After collecting the data, it was sent to the client’s design team to design the models. The design team was also using 12d Model to design the utility model placements and civil design. Due to their use of 12d Model, they could provide 12da files that Land Surveys could easily drop straight into their 12d Model project files, and overlay to their survey models. This enabled them to instantly see the relationship between the design and the existing services, in 3D.

They then went on site and marked up those designs using 12d Field. At this point, if any engineers, supervisors or construction crews had any queries around measurements, or separations, the Land Surveys team was able to answer those queries onsite. They were also able to pull sections and add data in as needed, generate reports and distribute important information all from the field. Any new data collected was automatically processed as described above. Once the pickup was done, there was little to no additional processing required, and with 4G data access, they were able to email the collected data fully processed straight to the client and their design team, removing the time loss of having to go back to the office. This whole process saved large amounts of time by increasing the efficiency of the crews in the field, and allowed the engineers to make important decisions in the field much faster and more effectively.

Designs were being developed mainly based on ‘B’ class data with accuracy up to 500mm vertically and horizontally. When the design model was issued, the accuracy of the existing utility model was improved by being upgraded to ‘A’ class through investigation trenching, resulting in some clashes. Clashes had to be detected as soon as possible to allow the designers to rectify significant clashes. Using the clash detection functionality in 12d Model, the Land Surveys team was able to identify any clashes as the existing services model improved. The client was then notified immediately and issue alerts generated. The designers were also notified, enabling them to adjust the design accordingly while still under the review and endorsement process. Most, if not all, of the issues were rectified prior to the main scope of works commencing, reducing the chances of any delays by the work crews (and associated costs).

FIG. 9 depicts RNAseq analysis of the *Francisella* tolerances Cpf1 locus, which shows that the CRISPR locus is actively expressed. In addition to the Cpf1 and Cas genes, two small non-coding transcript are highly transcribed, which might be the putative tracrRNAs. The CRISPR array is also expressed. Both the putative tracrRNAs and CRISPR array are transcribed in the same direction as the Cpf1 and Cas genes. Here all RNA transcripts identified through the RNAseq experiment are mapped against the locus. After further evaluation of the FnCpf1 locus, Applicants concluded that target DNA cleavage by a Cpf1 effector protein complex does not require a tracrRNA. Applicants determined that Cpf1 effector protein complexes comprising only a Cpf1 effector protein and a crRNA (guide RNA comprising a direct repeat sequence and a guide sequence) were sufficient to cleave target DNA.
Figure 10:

To ensure safety onsite, the project required an excavation permit to allow the teams to safely excavate. This was achieved by ensuring each excavation was marked up by the utility locating teams, and the crew’s walk-through, in regard to the services they were working around and the restrictions that were in place. The teams used the utility model Land Surveys had generated in 12d Model to ensure all services were located and marked up on the ground, given they could not rely on the DBYD as the DBYD did not include decommissioned services, property connections, or any of the 1,500 undocumented services located. The team was also able to use 12d Model software to extract out attributed data such as the pipe size, the configuration, the material type, and the extent of the banks. Land Surveys, along with the Utility Mapping teams, helped run permit training with competency tests to ensure the crews working around the live services could understand the marking on the ground, in accordance with AS5488, along with the procedures and restrictions required by the asset owners for working around live services.

The Result

By applying these processes and using the intelligent functions of 12d Model in the field, the project was able to bring the service strike rate and near miss incident rate involving utilities down significantly.